Take a look at, then head over to my website, has every feature you’ll never use. They have 5+ different methods of searching, each with about 50 input boxes. Now, I tend to think of myself as a bit more savvy than the average user, and even I was lost on their site.

Constrast that with, where we have a single live-search input box.

Because we wanted to stay small and keep agile, adding or removing features became a breeze. I was able to RSS support in about 1/2 hour. This is probably a combination of us using Ruby on Rails with and a KISS methodology.

Thanks, 37signals.. you convinced us that not having every feature in the world isn’t a bad thing! Our users are thanking us, I’m sure.

Jan 22 Mar 06

This is exactly one of the tenets I used when developing my new user-centric recipes website

Speaking about cooking and recipes reminded me of that joel on software post on “Big Mac vs Naked Chef”. He talks about how there are very specific rules on making big macs (exactly 37 seconds for a hamburger), while a top chef like Jamie Olivier is basically improvising constantly. Emergent cooking in a way :)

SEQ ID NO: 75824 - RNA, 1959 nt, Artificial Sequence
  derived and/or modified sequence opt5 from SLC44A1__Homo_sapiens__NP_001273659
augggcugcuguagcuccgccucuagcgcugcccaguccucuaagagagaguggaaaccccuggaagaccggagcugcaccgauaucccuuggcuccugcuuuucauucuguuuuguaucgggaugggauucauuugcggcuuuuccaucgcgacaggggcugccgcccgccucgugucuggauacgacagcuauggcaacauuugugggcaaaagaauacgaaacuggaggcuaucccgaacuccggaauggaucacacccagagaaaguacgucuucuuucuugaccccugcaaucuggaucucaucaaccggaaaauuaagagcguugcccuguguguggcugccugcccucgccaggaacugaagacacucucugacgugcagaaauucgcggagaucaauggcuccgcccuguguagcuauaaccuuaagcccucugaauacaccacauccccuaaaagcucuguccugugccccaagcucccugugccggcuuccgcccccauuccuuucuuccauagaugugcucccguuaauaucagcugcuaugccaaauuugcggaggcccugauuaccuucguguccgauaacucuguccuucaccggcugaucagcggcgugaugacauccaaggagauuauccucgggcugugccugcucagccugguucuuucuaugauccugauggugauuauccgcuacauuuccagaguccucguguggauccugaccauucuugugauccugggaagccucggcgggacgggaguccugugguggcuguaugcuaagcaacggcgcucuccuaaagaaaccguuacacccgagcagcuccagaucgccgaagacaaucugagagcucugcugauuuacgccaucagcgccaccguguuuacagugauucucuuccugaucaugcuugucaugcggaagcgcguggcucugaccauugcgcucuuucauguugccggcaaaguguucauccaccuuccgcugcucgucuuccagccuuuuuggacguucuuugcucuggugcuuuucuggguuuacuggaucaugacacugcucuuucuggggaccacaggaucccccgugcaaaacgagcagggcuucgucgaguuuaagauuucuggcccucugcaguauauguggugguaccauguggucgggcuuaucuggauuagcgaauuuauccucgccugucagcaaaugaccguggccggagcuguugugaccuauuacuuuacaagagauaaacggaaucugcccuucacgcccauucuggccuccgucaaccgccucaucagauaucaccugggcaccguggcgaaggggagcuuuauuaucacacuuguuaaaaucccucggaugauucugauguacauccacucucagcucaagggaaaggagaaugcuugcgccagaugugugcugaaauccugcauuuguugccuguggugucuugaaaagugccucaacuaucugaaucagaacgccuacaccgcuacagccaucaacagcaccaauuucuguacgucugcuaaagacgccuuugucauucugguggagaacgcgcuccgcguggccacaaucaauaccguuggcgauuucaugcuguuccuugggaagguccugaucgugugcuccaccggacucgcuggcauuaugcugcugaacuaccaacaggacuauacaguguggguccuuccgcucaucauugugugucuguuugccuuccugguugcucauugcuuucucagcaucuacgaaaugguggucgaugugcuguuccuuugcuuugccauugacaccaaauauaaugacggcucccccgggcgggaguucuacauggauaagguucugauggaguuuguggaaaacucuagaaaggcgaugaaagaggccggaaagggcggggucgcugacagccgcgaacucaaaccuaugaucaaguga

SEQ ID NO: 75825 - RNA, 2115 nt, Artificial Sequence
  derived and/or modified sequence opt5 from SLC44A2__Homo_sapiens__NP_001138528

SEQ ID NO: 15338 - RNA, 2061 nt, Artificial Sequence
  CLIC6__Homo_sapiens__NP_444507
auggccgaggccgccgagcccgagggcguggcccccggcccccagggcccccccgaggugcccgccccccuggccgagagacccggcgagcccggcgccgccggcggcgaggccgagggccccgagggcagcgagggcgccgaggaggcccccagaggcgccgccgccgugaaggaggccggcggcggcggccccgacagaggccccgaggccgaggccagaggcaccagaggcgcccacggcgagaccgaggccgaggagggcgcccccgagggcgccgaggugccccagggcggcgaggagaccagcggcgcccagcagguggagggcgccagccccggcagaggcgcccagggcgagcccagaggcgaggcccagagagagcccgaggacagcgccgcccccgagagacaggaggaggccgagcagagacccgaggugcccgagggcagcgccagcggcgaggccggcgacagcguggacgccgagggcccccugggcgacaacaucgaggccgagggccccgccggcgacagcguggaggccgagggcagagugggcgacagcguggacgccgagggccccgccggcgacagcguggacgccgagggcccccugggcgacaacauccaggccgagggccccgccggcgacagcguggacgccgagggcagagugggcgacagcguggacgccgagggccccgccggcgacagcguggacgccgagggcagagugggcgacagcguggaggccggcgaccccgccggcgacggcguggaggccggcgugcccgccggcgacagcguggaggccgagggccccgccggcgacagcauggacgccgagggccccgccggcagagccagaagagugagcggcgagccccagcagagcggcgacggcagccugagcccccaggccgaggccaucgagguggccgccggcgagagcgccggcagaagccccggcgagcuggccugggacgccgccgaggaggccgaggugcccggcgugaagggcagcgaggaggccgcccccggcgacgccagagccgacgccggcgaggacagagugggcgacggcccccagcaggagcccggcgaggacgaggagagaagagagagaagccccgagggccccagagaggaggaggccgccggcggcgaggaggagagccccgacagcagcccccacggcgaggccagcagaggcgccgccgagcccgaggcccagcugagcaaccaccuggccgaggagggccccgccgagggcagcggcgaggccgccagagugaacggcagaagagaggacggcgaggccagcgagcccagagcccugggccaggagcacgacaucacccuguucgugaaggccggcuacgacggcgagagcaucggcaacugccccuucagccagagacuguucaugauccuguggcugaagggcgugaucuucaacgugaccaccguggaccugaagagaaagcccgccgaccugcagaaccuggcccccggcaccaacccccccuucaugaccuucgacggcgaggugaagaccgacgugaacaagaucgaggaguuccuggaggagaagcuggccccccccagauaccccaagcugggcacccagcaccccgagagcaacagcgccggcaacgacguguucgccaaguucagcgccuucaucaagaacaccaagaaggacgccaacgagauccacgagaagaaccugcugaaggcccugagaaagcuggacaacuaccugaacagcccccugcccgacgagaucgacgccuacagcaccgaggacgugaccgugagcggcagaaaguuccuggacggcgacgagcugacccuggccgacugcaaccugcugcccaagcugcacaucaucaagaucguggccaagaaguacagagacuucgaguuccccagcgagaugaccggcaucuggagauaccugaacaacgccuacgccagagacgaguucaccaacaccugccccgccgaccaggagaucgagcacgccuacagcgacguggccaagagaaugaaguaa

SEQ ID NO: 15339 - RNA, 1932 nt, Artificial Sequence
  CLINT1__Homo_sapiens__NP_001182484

Smith 22 Mar 06

Grant, your users are thanking you? Your site just launched 2 days ago…

Rabbit 22 Mar 06

Eh… Grant said:

Our users are thanking us, I’m sure.

Grant 22 Mar 06

Yeah, it’s a hypothetical thanks.

Gary R Boodhoo 22 Mar 06

Emergence is what makes life worth living! As a designer who also has done a fair amount of front end scripting, this was the very reason I embraced object oriented programming techniques. There’s just nothing more magical to me than to see a collection of simple behaviors combine into higher level interactions.

And it’s hardly just programming or design - I’ve found the challenge of working on large teams is to move beyond individual agendas (mostly) and individual desires for high level control (mostly) to see what the system itself suggests. A leap of faith is required to be sure, but without that leap, any product just tends to be more of the same.